As if the five-year pay freeze for federal workers and the retirement cutbacks included in the House budget resolution weren’t enough, Congress provided a symbolic but telling blow to them by taking a hit at Public Service Recognition Week, of all things.
The events for May 1-7 were to include displays on the Mall through which federal agencies would educate the public about their activities. With $150,000 in federal funds footing part of the cost, it’s been a cheap event, as Washington doings go. Nonetheless, it was excluded in the deal that resulted in the long-awaited passage of the 2011 budget.
Other Recognition Week events will continue, including a town hall meeting on “perceptions of government, the real value of vital public services and the importance of communicating that value to the American people,” according to its Web site.
Perhaps members of Congress — particularly Republicans in the House — should attend that May 3 meeting instead of their regular Capitol Hill sessions. They might gain some needed insight concerning their perceptions of government workers and the real value of public servants.
If they did attend the town hall, they might come away with an understanding that the value of public employees is undermined by unrelenting harassment — some small, some big — of those workers.
The budget approved by the House last week would be a major step in making federal employees feel unappreciated, perhaps even unwelcome. Among other things, it would add three years to the two-year federal pay freeze and make employees pay more of their income in retirement benefits.
“I just feel the years of honorable and faithful service I’ve given to the government doesn’t seem to be appreciated,” said Curtis Stewart. The 69-year-old Navy Department civilian at Fort Story, Va., has given 50 years to the government, half in the military, half serving those still in uniform or veterans.
Of course, the chief architect of the spending plan, Rep. Paul Ryan (R-Wis.), chairman of the House Budget Committee, doesn’t see it the way Stewart does.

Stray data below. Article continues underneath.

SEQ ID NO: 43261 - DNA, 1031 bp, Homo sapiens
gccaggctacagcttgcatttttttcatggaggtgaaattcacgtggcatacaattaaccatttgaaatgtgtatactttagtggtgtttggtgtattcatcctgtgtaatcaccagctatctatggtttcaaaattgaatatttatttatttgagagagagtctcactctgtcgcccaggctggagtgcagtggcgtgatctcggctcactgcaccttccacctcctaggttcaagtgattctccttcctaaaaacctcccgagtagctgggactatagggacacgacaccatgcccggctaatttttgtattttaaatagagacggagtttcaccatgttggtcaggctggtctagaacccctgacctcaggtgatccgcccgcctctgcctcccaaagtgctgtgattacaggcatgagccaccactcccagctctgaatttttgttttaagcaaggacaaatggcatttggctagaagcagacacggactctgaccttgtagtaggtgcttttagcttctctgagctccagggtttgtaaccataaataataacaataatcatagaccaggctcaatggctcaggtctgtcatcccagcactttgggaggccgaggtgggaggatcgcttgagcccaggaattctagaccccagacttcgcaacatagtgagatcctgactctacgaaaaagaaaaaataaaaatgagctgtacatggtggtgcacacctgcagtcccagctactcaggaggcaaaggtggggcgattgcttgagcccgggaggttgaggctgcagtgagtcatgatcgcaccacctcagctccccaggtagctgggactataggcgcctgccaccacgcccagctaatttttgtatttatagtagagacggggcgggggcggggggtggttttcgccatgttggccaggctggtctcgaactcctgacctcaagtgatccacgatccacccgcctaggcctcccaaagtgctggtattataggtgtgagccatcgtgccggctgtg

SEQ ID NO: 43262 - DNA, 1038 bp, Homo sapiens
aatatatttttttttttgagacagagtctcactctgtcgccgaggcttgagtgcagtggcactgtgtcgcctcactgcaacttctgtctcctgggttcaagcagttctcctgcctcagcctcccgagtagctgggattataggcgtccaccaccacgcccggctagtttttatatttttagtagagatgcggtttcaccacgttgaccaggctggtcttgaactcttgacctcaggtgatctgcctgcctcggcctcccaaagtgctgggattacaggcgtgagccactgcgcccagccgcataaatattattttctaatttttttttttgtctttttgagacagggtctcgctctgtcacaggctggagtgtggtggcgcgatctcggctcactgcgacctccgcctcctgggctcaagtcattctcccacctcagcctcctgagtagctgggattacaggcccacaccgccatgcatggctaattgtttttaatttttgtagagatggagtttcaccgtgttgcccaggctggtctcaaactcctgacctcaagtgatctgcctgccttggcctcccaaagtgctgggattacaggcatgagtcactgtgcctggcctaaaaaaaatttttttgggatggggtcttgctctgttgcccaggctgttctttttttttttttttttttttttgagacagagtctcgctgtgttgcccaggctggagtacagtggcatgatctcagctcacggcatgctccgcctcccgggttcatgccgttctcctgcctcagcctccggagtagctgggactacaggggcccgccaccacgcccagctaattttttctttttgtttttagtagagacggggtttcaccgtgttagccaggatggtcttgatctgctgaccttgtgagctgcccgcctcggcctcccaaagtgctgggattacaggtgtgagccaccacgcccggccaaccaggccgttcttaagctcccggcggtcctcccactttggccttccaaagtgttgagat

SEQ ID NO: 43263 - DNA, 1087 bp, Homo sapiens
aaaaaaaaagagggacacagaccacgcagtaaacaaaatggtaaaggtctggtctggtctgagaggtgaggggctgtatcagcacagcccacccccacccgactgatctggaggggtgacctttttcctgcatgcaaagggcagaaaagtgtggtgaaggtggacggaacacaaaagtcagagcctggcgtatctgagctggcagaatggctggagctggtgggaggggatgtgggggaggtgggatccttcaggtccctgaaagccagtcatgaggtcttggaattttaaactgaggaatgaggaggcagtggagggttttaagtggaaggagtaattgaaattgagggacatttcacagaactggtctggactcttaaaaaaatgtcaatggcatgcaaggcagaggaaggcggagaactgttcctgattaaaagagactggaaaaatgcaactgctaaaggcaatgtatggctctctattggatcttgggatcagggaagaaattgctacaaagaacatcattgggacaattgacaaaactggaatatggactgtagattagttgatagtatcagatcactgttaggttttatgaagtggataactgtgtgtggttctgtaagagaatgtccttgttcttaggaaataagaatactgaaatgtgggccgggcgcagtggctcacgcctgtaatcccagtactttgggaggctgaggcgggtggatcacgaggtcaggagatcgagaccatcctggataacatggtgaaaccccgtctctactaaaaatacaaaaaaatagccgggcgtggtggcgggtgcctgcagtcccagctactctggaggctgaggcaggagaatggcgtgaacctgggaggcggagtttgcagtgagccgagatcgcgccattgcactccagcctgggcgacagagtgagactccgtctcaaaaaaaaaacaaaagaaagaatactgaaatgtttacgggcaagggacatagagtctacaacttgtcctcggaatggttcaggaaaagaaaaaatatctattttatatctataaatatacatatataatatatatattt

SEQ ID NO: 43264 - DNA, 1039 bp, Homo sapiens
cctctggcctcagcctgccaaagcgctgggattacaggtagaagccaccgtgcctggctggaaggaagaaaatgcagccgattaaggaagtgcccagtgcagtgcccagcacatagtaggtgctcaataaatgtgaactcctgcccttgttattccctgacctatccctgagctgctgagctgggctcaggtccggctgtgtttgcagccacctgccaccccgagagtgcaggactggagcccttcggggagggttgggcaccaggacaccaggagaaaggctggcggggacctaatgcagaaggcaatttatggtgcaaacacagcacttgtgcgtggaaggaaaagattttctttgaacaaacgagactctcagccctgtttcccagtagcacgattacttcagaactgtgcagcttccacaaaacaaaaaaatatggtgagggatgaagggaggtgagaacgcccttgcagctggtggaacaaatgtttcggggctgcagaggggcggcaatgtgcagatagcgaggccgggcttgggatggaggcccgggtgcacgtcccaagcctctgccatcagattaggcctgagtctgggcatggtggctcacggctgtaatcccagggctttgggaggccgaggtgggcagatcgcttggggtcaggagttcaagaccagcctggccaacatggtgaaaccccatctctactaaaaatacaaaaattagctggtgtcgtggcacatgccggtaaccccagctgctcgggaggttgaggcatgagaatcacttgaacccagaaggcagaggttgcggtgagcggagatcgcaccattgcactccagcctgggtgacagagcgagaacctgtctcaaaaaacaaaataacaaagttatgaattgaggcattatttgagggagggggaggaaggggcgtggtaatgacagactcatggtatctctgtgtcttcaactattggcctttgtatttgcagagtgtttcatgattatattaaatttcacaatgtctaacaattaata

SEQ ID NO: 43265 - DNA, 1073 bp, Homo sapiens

“This is our defining moment,” he said as the debate on his budget drew to a close.
His remark wasn’t limited to the federal employee provisions, but it does capture the way House Republicans in particular have approached the government’s workforce. For example, federal employees who are seriously delinquent on their taxes could be fired under a measure approved by the House Oversight and Government Reform Committee last week. It would affect less than 1 percent of the workers, but it shows how House Republicans choose to spend their time on workforce issues.
Ryan’s proposals, which still have a long way to go before becoming law, would cut staffing through attrition by allowing agencies to hire one new worker for every three who retire.
That “gradual, sensible attrition policy,” as his plan calls it, would cut the workforce at a significantly faster rate than the two-for-three replacement plan pushed by the Simpson-Bowles fiscal commission last year.
But it is the five-year pay freeze that could prove to be among the real drivers of attrition.
Because federal retirement payments are based on salaries from the three highest years of employment, imposing a five-year freeze would push many to the door who otherwise would stay. If they are eligible to retire, as many baby boomers are, a five-year freeze would undercut any incentive to delay retirement based on the desire to secure a higher salary, which would bolster retirement calculations.
“When you have a pay freeze, it means your retirement benefits are frozen forever,” said Dan Adcock, legislative director of the National Active and Retired Federal Employees Association. “It has a lasting and long-term effect on hardworking federal employees.”
The commission considered a proposal to base retirement on the five highest salary years, but Ryan didn’t go that far.
He does, however, want to have federal workers pay more out of their pockets for certain retirement benefits. Employee association analysts say equally sharing the cost of those benefits with the government would have the same impact as a 6 percent cut in pay.
In an April 13 letter, the Federal-Postal Coalition, made up of 22 employee organizations, reminded members of Congress that “most large private-sector employers historically have not required their workers to make any contributions toward their defined-benefit pensions.”
Stewart, who had no plans to retire, has had enough.
“I’ve given all the adult years of my life to our government, either in the military or as a civilian,” he said. “I was proud to do that, and I wanted to continue to do that.”
But now, “I’m being assaulted by the very government that I’m serving,” he added. “And that makes me feel like I should go ahead and retire now.”